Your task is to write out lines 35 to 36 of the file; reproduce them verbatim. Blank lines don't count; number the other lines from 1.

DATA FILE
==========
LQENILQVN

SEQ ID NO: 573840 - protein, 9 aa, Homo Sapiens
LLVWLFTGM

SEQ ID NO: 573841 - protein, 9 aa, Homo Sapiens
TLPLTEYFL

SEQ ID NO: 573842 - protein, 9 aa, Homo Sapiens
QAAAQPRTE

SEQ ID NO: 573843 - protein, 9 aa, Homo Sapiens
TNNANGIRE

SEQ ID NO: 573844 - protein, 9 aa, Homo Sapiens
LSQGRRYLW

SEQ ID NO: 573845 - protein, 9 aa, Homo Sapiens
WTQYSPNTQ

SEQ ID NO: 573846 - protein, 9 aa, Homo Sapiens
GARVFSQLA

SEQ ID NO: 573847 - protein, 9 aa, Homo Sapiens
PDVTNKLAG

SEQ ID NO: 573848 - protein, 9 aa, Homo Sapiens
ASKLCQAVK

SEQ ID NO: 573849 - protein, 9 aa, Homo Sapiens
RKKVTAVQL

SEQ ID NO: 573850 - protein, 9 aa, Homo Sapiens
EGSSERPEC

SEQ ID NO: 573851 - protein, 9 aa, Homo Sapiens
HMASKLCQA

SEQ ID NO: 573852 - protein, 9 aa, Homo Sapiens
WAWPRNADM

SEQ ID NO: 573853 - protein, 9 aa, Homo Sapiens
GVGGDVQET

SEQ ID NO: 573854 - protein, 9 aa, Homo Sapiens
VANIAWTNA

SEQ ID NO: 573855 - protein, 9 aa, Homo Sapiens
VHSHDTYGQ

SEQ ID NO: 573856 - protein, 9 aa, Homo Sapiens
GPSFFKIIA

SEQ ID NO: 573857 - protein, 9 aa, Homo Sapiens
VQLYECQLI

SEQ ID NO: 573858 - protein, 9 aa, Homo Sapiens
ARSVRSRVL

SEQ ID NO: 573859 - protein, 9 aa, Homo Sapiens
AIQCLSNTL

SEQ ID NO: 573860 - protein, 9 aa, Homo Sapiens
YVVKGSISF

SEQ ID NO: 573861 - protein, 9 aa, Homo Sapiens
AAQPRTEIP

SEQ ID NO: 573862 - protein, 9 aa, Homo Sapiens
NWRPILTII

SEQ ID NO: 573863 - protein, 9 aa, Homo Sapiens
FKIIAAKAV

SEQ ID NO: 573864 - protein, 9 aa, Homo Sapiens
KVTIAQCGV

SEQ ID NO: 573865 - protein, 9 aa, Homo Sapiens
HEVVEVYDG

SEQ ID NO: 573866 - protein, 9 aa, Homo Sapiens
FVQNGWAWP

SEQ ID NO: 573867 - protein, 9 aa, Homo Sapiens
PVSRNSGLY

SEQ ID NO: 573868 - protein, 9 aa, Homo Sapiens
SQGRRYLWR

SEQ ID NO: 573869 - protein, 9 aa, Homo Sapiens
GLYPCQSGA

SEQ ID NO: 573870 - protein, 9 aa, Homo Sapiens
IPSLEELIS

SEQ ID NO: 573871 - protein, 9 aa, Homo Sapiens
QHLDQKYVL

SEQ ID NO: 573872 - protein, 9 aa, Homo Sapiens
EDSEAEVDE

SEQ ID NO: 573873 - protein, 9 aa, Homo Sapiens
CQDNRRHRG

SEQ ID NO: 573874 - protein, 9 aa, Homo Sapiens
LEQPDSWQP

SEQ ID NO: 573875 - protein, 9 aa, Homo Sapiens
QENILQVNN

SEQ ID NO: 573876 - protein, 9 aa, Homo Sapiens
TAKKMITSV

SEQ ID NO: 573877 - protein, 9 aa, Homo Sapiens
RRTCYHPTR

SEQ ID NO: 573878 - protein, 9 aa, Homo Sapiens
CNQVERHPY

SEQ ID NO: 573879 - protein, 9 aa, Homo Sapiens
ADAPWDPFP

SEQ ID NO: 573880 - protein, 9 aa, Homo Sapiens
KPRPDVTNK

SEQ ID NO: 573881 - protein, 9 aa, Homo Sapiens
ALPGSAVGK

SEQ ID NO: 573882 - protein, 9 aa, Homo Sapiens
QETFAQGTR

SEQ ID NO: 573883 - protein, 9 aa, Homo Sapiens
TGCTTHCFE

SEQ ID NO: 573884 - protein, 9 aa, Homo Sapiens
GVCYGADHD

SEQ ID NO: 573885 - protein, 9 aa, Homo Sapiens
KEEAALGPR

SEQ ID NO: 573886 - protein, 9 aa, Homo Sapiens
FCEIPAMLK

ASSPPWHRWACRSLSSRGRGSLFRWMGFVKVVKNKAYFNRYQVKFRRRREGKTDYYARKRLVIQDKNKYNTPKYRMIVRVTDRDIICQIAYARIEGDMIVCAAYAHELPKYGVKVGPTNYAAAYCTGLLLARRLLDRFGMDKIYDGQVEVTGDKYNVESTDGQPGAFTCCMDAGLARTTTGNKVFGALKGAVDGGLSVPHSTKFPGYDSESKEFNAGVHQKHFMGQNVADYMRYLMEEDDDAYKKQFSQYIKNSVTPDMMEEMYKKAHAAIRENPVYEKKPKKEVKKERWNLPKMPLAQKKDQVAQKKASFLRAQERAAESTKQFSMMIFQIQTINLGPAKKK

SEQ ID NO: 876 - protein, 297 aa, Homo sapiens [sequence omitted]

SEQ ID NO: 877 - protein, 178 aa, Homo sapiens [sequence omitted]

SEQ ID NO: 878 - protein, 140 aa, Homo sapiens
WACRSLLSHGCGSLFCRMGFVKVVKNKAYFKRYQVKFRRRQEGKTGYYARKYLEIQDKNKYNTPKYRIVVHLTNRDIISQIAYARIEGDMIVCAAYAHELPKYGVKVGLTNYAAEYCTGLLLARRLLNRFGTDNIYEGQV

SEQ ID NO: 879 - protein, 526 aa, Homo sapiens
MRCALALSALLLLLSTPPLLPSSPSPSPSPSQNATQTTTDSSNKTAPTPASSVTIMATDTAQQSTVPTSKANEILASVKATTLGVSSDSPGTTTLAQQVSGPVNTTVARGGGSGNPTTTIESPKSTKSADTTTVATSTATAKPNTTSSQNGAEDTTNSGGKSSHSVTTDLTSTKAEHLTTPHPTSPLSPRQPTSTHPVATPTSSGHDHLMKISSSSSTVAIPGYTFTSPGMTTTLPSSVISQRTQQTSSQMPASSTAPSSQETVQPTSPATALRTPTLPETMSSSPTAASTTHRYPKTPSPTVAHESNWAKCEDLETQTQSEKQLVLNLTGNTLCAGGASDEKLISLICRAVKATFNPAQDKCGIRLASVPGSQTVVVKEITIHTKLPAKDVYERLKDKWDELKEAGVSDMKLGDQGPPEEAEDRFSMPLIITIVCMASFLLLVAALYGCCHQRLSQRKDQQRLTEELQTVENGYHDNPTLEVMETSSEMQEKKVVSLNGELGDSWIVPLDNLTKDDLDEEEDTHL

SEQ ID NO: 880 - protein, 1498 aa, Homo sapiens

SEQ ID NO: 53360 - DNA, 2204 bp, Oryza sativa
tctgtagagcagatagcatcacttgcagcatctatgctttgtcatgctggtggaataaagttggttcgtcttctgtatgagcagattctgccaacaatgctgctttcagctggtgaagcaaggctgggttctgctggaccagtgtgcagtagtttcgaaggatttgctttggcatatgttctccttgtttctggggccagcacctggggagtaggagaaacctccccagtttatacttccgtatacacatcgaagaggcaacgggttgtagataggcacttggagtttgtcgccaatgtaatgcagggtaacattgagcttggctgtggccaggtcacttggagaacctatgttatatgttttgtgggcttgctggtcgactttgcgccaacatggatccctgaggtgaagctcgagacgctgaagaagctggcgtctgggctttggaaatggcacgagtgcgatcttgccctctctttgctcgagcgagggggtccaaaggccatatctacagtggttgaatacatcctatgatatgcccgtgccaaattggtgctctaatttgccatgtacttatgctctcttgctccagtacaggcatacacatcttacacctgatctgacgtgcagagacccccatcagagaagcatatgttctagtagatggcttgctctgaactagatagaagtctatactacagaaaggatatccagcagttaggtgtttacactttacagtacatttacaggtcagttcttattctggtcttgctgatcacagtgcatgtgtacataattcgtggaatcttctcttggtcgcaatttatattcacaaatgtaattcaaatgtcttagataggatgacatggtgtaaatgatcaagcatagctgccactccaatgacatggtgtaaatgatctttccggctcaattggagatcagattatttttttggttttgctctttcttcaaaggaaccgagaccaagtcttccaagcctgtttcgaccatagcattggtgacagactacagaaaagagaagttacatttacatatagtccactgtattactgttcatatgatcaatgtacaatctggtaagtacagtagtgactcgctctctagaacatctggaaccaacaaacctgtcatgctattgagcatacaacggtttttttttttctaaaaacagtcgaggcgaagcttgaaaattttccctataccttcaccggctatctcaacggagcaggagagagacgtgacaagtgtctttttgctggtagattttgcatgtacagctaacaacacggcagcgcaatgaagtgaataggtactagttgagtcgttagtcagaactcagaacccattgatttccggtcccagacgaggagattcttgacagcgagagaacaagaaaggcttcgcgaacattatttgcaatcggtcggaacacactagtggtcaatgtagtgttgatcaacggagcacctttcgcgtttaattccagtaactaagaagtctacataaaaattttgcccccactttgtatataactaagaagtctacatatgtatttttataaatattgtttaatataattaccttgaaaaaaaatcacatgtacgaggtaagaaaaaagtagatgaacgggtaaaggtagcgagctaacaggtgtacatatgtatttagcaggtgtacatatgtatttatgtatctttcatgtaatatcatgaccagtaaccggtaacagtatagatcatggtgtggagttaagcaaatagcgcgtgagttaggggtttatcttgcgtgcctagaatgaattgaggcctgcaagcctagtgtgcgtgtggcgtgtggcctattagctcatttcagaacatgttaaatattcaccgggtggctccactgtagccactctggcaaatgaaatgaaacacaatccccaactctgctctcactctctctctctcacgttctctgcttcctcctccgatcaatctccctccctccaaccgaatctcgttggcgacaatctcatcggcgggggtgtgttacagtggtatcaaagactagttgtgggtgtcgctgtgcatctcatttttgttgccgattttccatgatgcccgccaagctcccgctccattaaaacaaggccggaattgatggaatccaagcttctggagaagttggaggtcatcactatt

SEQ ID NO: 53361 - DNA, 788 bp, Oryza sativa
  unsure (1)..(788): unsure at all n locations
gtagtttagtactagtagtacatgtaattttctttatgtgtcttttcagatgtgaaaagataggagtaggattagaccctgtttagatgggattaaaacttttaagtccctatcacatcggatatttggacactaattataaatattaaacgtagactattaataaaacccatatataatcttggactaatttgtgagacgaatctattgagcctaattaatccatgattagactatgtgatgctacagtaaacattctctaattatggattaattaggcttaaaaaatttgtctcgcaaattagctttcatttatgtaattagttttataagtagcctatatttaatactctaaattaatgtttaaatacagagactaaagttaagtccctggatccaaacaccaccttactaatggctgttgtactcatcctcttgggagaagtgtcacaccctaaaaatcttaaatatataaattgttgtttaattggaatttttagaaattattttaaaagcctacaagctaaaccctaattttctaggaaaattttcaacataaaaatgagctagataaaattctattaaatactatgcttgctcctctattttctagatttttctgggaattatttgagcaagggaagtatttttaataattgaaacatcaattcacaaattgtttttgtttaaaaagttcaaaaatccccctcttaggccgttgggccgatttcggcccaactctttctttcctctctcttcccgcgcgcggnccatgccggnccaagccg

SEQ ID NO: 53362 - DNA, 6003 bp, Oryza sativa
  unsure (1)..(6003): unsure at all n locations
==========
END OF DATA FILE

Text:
GPSFFKIIA

SEQ ID NO: 573857 - protein, 9 aa, Homo Sapiens